What is Clicker Training?
Clicker training is a positive reinforcement based system of training based on operant conditioning. Operant conditioning was pioneered by psychologist B.F. Skinner in the 1960's. Skinner observed that an animal will tend to repeat an action that has positive consequence and will avoid an action that results in a negative consequence. Using operant conditioning, Skinner trained rats to push a lever that released food pellets. Clicker trained animals aren't simply reacting out of habit, they are actively choosing to repeat a behaviour that brings a pleasant consequence.
Why Clicker Train Your Cat?
At is most basic level clicker training is a fun and effective way to communicate and bond with your cat. Clicker trained cats are more confident and enthusiastic because they have control over the consequences of their actions. Clicker training can provide much needed mental stimulation for indoor cats, and can help prevent problem behaviours.
Why Use A Clicker Rather Than A Word?
The very distinct sound of the clicker is far more powerful than a spoken word because it is a sound not heard in any other circumstances. The click sounds exactly the same each and every time, unlike the human voice which can vary in tone or inflection. Without hearing a click during an action the cat may or may not connect the reward with the action. With the clicker the trainer can precisely 'mark' the behaviour desired so that the cat knows exactly what is was doing at the time of the click. The click means one thing only: a reward is coming because of what you did when you heard the click. It can be produced instantly and at the exact moment the behaviour occurs.
Tips For Clicker Training:
Three Main Steps to Clicker Training:
Step 1 Pair a click with a reward. Don't ask or expect your cat to do anything except associate a click with a treat. Click=treat. Click give treat; click give treat; and so on. You should begin to notice that your cat reacts to hearing the click with anticipatory behaviour-looking for the treat. At this point your cat has learned to associate the sound of the clicker with the reward.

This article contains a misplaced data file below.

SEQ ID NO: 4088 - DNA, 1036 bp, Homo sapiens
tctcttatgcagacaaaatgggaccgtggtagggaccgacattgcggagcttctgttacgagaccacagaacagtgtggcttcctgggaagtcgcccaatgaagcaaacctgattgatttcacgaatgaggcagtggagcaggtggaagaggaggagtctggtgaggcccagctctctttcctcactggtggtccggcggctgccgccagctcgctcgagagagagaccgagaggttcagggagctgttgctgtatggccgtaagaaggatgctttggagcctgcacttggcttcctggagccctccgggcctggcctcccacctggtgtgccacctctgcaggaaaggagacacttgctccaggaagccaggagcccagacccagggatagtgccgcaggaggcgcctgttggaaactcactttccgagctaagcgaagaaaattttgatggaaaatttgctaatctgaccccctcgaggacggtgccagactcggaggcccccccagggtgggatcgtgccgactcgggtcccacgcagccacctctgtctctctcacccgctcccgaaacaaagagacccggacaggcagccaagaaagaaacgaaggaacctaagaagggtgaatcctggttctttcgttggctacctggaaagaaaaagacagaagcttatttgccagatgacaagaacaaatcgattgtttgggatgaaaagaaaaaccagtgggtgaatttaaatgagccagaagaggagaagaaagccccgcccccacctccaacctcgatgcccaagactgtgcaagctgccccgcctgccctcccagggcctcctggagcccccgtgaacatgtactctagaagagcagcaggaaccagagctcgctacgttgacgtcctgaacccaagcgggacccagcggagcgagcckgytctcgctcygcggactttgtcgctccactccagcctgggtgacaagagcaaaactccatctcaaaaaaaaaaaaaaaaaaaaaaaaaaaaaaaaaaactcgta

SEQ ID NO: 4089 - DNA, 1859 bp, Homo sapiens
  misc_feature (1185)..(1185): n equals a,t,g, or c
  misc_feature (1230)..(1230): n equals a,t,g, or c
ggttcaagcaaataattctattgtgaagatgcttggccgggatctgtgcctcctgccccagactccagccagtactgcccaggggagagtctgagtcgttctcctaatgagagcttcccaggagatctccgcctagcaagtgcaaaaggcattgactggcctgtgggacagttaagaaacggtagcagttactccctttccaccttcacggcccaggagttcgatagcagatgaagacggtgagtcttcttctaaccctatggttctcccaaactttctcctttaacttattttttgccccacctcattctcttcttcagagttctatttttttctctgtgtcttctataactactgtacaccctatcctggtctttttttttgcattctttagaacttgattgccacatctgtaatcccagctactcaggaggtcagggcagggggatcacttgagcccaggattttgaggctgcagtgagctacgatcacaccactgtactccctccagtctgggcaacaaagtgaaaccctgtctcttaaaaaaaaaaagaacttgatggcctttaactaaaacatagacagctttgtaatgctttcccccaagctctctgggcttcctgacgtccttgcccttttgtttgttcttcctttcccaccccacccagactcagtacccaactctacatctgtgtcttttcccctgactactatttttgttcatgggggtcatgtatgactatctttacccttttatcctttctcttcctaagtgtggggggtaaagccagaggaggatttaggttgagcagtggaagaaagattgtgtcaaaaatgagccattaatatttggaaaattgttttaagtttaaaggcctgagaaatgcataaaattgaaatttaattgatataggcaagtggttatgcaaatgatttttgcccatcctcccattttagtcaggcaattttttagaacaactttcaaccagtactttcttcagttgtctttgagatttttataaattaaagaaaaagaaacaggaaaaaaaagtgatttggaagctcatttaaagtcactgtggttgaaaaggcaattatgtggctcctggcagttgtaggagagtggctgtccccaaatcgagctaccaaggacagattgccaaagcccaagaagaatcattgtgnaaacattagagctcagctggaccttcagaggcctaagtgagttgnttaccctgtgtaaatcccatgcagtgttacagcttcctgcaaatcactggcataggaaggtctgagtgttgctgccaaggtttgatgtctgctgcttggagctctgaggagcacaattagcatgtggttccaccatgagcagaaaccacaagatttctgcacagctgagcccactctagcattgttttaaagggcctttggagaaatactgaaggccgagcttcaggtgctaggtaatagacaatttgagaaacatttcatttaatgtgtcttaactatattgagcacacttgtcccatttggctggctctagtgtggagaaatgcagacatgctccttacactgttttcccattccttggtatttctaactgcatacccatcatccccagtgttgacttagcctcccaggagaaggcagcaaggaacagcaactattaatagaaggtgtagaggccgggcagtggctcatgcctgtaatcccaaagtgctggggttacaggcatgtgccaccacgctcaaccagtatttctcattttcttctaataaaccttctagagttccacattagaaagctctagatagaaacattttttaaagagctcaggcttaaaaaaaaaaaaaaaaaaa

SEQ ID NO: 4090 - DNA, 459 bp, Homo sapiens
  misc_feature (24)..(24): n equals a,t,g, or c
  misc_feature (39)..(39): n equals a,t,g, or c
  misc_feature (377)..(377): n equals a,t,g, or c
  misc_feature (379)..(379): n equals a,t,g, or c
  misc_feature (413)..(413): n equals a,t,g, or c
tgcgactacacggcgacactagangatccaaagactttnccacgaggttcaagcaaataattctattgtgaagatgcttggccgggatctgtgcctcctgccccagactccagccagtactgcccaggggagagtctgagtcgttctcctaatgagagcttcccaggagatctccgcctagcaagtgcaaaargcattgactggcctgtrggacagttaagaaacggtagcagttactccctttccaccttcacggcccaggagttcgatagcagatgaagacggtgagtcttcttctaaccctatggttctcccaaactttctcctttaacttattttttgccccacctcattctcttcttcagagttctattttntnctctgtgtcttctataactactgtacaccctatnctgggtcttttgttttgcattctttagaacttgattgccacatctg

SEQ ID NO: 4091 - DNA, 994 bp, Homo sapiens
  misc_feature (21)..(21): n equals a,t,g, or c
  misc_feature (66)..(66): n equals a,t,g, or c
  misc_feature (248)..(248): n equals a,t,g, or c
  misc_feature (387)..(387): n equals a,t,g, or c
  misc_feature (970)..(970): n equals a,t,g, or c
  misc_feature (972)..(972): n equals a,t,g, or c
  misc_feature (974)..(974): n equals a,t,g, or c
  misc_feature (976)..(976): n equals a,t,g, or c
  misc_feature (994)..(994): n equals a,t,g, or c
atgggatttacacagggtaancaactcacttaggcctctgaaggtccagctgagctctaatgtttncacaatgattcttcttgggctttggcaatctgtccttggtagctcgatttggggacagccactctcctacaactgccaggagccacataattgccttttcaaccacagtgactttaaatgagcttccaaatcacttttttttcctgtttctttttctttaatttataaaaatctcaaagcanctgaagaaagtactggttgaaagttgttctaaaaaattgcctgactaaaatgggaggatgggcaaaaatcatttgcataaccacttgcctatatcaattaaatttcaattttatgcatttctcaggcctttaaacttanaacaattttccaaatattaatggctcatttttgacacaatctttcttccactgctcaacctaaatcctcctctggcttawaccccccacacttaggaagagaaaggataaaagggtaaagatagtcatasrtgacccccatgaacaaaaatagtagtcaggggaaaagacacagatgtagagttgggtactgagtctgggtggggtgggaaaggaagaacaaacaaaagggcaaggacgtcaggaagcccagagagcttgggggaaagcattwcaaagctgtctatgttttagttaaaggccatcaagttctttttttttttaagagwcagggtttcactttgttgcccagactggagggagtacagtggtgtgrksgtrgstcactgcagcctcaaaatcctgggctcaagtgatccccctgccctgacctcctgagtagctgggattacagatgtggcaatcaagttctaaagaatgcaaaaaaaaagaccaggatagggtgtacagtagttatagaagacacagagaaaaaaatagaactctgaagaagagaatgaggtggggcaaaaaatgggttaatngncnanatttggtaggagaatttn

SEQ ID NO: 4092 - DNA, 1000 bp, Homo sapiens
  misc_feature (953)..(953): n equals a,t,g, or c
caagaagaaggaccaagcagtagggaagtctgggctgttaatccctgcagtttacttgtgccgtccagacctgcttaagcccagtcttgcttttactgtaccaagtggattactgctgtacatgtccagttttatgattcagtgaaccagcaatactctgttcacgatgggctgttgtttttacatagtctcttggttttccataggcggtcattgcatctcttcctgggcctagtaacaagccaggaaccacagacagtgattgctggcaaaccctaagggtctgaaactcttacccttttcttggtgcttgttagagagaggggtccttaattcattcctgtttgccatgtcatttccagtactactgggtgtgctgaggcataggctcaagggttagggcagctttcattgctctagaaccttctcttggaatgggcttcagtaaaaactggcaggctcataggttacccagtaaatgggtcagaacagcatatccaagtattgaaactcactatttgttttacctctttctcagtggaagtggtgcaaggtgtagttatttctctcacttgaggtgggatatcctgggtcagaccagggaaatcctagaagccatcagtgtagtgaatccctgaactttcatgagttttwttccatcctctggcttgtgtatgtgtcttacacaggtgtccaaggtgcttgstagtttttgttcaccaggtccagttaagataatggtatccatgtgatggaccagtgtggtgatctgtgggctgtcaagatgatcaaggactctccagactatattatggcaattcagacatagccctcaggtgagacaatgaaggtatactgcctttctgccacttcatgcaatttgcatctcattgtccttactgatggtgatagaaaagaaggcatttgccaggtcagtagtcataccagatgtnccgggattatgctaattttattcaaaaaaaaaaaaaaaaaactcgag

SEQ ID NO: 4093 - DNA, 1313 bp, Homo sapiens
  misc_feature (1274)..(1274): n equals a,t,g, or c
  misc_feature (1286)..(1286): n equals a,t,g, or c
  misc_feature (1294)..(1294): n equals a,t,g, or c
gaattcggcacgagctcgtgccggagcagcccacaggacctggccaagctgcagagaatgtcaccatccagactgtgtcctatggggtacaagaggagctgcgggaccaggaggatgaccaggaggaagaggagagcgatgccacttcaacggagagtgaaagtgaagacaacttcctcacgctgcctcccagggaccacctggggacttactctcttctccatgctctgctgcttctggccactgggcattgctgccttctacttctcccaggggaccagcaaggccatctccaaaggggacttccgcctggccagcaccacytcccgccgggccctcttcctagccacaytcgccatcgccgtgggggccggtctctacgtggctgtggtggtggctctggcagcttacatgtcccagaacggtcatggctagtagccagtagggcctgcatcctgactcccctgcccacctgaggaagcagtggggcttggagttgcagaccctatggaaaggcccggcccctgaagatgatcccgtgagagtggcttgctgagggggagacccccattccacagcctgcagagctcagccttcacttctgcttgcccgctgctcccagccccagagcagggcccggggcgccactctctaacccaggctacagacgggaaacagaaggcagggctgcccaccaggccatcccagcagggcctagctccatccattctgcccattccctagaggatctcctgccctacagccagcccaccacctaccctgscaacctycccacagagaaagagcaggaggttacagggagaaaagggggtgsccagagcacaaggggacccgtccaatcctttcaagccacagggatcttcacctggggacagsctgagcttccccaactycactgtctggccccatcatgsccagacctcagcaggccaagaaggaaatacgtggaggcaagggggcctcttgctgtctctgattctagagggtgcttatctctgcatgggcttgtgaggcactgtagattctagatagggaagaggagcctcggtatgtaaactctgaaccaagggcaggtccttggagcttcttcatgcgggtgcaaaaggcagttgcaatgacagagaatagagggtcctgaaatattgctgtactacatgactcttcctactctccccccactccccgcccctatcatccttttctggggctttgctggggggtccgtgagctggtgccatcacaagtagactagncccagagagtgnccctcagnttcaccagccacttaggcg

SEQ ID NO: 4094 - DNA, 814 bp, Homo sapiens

Step 2 Begin to click and treat only when the cat has engaged in the behaviour you want. Keep in mind behaviours often need to be 'shaped' in small stages. For example if you want to train your cat to come to you, you would click and reward him for taking on or two steps in your direction.
Step 3 State a verbal cue that signals a behaviour performed. Such as: come, sit, up, jump, etc. When your cat is doing what you asked click the clicker and offer the treat. Make sure you click and offer the treat precisely when the cat is engaged in the behaviour so that he connects it all together-the click, the treat the behaviour.
Use of a 'Target'
A target is something you use to get your cat's attention. Plastic drinking straws or thin wood dowels work well as targets. Or you could purchase my favourite clicker the Karen Pryor Clicker Training Terry Ryan Click Stik, an all in one clicker and retractable target. First you train your cat to touch the target with his nose or paw-a fairly natural response for a cat. When the cat touches the target you click and reward. Keep repeating this until it becomes a consistent behaviour. Now the target can be used to guide other behaviours like sit, down, come, up or whatever. The target signals where you want the cat to be.
What If My Cat Doesn't Do What I Asked?
If your cat doesn't do what you've asked (such as sit or come) don't click or offer a treat. You can try and help him get the idea by holding the treat above his nose (so get him to sit or stand up) or by walking away and holding the treat in-front of you (to get him to come). If your cat still doesn't respond you can click and reward even if there is small progress in the right direction. Do not push, pull, or try to force him to do the behaviour. The beauty of clicker training its that it doesn't involve touch.
Where Can I Find Out More About Clicker Training?
There are many excellent YouTube videos regarding clicker training cats.
Elizabeth Llewellyn is a feline welfare and behaviour specialist with 30 years experience working with cats in a variety of settings including rescue, breeding, boarding, grooming and veterinary. She lives in Chittenden County Vermont with her three cats.